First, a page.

Outsourcing is a business practice of hiring a third party to perform services or create goods that otherwise could be performed in-house by the company’s existing staff. This applies to a wide range of industries and use cases. Examples include marketing efforts, software development, part manufacturing, and more.
Within the scope of risk management, its important to fully understand what outsourcing brings to the table in terms of benefits and risks so that you can properly evaluate its position within your organization. Below, we highlight some of these major considerations.
The first thing to mention is that there are different classifications of outsourcing based on the location of the third party, each having its own benefits and risks. These include:
- Local Outsourcing – contracting a provider within the same country as your business.
- Nearshore Outsourcing – contracting a provider in a neighboring or nearby country.
- Offshore Outsourcing – contracting a provider far away, often in another continent.
There are also different kinds of outsourcing dependent on what is being outsourced. This also needs to be considered when calculating risk, and carries different levels of impact for each organization. These types typically boil down to:
- IT Outsourcing – web development or hosting, database management, help desk, infrastructure.
- Operational Outsourcing – outside personnel utilize internal servers, software, machines.
- Project Outsourcing – blog posts, website redesign, software feature development, campaigns.
- Process Outsourcing – payroll, social media marketing, accounting, customer support.
- Manufacturing Outsourcing – part manufacturing for physical goods.
- Professional Outsourcing – accounting, administrative support, purchasing, legal.
Benefits of Outsourcing
Outsourcing started to become popular in the 1970s and has grown to standard practice today due to its numerous benefits. Collectively, these benefits help an organization to grow and prosper more than it would be able to on its own. These largely boil down to the simple factor of finances and how outsourcing can reduce costs. Outsourcing cuts labor costs in the form of employee salaries, equipment, technology needs, office spaces, etc.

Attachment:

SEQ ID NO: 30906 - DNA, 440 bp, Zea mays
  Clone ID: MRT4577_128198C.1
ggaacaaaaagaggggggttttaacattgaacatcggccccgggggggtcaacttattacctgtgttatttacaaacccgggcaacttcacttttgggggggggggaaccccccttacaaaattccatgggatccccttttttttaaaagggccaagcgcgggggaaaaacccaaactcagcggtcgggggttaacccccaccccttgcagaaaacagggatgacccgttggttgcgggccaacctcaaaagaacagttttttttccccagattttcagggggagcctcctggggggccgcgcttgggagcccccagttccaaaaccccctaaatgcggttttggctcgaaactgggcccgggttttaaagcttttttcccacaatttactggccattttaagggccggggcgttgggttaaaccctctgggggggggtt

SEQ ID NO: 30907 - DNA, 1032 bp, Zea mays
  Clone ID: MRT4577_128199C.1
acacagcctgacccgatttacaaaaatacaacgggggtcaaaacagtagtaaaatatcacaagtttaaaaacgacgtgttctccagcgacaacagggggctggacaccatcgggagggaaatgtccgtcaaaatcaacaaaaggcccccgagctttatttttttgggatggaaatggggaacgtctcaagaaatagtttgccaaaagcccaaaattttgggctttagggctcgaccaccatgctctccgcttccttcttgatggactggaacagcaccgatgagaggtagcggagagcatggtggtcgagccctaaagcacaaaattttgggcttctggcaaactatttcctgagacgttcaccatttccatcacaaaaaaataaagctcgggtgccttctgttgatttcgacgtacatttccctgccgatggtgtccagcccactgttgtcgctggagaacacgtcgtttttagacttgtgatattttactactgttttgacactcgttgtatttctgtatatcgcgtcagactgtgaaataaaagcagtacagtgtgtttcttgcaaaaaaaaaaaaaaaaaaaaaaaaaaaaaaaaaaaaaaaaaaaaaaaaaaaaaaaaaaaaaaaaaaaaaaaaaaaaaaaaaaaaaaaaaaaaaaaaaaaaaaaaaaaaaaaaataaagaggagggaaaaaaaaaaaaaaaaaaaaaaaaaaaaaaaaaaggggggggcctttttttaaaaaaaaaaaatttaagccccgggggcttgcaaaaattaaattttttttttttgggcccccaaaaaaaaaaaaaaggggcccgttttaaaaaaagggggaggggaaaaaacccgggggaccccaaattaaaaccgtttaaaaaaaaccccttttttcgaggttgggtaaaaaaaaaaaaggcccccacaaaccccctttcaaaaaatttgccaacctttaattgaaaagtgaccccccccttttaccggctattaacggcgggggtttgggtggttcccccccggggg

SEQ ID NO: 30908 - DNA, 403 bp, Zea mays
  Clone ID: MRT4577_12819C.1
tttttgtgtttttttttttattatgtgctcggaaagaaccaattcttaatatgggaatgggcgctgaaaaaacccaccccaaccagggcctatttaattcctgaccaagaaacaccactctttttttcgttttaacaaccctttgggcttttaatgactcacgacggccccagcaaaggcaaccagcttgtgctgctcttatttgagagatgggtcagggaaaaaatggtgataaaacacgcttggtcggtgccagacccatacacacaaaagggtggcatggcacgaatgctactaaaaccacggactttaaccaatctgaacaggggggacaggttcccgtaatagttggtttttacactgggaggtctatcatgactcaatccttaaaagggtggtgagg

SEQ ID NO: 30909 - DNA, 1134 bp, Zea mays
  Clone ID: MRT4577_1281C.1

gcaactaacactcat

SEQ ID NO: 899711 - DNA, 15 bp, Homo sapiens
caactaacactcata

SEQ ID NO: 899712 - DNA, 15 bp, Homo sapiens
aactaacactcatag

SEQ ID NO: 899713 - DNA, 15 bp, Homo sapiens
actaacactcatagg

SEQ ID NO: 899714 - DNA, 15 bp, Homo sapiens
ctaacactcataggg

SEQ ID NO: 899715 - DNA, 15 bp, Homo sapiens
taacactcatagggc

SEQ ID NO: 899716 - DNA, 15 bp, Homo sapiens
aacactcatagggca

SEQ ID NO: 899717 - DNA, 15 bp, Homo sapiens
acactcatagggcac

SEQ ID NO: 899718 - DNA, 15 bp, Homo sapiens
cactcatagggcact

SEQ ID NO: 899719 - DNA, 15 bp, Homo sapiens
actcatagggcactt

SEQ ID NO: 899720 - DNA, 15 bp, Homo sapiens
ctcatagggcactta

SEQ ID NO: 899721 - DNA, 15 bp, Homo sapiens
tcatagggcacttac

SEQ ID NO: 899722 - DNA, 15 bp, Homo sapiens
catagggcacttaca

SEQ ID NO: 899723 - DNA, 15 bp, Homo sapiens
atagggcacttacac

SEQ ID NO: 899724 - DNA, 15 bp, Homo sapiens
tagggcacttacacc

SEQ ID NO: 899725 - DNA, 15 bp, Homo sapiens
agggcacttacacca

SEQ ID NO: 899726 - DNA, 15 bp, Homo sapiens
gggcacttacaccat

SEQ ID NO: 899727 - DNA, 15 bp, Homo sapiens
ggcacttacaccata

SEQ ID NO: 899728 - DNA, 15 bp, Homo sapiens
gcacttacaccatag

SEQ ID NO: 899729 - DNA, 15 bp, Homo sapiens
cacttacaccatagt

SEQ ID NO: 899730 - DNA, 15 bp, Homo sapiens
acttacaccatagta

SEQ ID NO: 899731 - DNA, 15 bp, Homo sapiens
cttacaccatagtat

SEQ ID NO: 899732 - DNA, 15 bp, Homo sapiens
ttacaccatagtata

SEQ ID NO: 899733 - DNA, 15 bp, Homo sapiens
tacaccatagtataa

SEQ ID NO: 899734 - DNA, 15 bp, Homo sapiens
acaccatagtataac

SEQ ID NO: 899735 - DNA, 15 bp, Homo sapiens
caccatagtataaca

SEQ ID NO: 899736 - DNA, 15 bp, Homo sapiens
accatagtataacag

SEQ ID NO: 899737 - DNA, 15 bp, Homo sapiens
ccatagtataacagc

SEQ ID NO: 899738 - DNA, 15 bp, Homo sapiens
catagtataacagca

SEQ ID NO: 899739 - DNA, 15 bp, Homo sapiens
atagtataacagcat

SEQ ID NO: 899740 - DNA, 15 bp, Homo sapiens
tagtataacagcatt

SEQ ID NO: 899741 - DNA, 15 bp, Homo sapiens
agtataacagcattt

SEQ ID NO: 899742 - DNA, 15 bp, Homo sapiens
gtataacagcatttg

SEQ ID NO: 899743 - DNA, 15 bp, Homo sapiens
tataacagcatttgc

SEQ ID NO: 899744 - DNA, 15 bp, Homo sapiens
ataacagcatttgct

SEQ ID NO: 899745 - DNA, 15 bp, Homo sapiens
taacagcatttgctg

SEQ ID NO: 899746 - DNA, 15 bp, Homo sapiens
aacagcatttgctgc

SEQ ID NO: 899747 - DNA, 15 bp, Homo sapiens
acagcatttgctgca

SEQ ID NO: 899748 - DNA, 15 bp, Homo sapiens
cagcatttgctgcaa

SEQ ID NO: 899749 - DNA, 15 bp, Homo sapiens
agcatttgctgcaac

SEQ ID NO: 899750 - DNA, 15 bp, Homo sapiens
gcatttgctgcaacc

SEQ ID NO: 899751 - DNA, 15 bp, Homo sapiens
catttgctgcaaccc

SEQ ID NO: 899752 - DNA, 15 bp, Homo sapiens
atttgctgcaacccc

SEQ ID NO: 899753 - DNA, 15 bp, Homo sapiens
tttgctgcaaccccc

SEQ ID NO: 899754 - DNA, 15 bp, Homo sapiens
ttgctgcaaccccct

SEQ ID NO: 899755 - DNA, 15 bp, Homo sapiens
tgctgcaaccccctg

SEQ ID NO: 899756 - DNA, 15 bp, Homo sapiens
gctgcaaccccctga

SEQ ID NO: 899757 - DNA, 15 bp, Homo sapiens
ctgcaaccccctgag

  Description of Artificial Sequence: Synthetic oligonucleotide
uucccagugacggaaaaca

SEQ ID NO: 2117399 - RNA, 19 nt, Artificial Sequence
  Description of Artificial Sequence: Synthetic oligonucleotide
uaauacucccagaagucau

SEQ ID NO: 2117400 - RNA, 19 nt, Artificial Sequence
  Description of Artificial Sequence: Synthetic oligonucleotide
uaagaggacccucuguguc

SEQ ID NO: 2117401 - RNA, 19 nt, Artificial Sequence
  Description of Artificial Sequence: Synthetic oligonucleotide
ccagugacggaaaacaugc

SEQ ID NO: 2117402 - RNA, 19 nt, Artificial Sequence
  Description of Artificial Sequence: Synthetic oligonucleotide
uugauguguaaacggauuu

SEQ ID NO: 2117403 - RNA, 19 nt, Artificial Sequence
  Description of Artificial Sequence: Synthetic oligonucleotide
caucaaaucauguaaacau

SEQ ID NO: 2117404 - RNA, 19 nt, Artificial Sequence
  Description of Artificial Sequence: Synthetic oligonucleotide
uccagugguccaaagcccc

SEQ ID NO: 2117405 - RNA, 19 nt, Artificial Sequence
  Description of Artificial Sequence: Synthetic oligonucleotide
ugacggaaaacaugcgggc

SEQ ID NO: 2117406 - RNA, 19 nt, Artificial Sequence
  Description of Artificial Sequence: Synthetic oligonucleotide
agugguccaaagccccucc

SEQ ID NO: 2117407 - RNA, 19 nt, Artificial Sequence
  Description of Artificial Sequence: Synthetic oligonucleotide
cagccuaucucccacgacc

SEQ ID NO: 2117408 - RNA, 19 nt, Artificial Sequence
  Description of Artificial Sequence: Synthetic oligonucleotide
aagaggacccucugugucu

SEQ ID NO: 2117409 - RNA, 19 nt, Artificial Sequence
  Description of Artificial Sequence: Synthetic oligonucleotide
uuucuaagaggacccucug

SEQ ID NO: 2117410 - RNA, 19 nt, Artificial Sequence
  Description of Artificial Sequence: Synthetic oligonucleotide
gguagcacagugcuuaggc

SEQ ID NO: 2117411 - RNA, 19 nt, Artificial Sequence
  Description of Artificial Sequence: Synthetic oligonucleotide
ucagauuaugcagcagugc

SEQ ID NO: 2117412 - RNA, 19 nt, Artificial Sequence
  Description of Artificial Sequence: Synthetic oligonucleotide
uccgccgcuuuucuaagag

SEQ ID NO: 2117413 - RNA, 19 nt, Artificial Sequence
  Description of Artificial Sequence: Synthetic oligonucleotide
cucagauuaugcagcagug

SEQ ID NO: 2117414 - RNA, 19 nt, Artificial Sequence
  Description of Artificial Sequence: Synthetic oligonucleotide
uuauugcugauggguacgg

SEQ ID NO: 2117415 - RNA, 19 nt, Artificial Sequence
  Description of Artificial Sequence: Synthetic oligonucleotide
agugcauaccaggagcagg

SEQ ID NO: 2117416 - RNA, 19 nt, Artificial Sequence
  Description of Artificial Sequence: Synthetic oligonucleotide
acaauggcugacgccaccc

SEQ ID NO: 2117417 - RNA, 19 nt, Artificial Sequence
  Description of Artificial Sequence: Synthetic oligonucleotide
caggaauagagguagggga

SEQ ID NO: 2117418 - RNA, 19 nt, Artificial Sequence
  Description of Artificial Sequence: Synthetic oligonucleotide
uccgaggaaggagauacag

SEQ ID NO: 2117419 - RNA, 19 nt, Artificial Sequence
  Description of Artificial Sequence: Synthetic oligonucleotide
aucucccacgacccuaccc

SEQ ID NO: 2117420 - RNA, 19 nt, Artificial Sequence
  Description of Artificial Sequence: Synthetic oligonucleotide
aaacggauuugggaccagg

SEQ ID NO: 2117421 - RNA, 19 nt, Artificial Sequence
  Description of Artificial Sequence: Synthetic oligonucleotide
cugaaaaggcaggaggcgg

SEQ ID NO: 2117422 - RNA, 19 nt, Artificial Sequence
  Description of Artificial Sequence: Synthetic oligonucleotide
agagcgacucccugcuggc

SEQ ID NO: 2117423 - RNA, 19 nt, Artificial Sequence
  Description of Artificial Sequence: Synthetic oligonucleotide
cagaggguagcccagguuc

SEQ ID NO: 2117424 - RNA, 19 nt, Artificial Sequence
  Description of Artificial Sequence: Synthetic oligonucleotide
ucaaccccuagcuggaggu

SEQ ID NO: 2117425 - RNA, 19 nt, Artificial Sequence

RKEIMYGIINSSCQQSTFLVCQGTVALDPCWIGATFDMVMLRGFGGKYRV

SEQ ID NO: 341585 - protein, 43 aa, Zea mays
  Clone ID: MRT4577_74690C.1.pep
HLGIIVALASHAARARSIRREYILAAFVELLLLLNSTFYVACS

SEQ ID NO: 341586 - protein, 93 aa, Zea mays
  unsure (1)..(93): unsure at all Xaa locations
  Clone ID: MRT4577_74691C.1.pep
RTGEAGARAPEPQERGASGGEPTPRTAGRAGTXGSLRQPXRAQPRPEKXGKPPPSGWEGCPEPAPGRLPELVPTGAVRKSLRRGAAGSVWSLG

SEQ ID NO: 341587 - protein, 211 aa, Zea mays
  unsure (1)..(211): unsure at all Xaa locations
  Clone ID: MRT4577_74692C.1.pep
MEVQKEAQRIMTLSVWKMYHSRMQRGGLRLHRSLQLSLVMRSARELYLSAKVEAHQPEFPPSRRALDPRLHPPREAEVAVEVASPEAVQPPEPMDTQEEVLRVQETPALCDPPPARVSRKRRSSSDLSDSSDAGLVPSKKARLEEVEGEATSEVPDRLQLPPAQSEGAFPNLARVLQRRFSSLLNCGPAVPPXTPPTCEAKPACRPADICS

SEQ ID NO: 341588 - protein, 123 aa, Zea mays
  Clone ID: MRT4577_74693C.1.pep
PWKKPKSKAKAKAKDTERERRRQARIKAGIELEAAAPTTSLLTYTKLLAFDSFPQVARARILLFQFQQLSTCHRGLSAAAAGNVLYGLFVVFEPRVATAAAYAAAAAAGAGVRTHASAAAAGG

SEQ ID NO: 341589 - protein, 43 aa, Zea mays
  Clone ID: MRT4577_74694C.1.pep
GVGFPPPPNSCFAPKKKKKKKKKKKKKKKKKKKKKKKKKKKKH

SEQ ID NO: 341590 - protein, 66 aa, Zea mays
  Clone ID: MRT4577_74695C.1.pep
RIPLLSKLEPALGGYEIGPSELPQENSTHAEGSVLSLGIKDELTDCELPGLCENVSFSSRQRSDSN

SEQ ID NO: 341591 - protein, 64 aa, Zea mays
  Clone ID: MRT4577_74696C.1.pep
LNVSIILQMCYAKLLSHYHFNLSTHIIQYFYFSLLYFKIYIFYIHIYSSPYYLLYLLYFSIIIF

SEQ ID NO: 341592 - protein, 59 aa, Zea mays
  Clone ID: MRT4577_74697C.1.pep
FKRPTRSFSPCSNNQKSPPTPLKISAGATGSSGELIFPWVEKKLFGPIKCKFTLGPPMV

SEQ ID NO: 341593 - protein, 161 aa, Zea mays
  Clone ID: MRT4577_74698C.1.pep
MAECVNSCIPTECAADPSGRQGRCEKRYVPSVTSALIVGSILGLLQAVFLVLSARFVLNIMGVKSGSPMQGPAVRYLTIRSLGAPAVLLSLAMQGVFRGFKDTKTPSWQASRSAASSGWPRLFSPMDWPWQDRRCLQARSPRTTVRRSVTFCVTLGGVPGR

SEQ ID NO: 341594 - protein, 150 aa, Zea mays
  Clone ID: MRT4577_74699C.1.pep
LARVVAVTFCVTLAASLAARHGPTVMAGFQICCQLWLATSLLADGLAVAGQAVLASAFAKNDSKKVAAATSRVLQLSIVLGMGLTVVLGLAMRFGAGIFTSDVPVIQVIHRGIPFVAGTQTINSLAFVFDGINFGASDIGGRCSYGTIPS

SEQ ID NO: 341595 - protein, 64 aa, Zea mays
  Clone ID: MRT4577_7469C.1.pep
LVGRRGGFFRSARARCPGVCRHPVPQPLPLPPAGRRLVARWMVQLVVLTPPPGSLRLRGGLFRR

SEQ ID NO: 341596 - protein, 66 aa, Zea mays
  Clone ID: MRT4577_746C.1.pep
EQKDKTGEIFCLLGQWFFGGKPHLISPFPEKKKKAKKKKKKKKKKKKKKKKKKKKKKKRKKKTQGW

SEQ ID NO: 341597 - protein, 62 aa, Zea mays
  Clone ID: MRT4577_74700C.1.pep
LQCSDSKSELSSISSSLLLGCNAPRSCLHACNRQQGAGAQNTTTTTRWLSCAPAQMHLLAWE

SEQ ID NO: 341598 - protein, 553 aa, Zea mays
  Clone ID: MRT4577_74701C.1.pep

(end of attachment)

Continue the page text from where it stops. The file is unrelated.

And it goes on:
In addition to extra finances, outsourcing allows company executives to spend more time elsewhere, focusing instead on improving core tasks, developing internal staff, and planning growth. In addition to internal focus, you now have access to whole new skill sets through outsourcing. Utilize this to innovate and excel beyond competition.
Risks of Outsourcing
Despite the benefits of outsourcing, there are various risks to be considered. This is not meant as a deterrent to utilizing outsourcing, but rather information to help create awareness of how to best utilize outsourcing and prevent unnecessary risk.
One of the largest risks organizations face is the lack of control over processes and services that are no longer internally managed. This is especially true for organizations that are offshore outsourcing, or outsourcing to a location that is beyond in-person audits or walkthroughs. You then have to verify that your new partner is compliant with all regulations and contract terms, which can be a difficult task at a distance. Privacy and security concerns must be addressed ton confirm that your and your customers data is properly protected. Any data that your partner has access to is at risk and can create a vulnerability in your own security efforts as well.
Other risks include a vendor simply failing to meet obligations. You could have completed all due diligence in ensuring that you would not have any issues with outsourcing, and yet your partner simply fails to deliver what was expected or has delays. Your customers do not hear excuses and will blame you if the delays trickle into their experiences. This holds true for issues with quality as well. Ultimately, risks with third parties are going to be risks faced by your own company.
In order to complete this outsourcing process, there are also some challenges that will have to be overcome. This includes unforeseen costs in your agreement or onboarding process, such as any training time, software upgrades, troubleshooting, after-hours service if you don’t have a 24/7 support agreement, etc. To help combat this, make sure you plan for possible issues, thoroughly review your contracts, and leave room in your budget for unforeseen circumstances. You will also face challenges vetting potential partners. This includes performing audits that determine if your outsourcing to an organization that is financially stable, appropriately secure, has the necessary equipment and staff to fulfill obligations, and is excited about working with you.
Managing Outsourcing Risk
The key focus of managing outsourcing risk is communication. Many issues can be resolved by setting clear deadlines, expectations of business, and conveying any unsatisfactory performance so it can be remedied. This involves establishing communication between key staff members of the outsourcing company and a management team internally.
Draw up an airtight outsourcing contract that has been reviewed by a legal team to ensure you’re protected. This includes an NDA for any confidential information the outsourced partner may become privy to.
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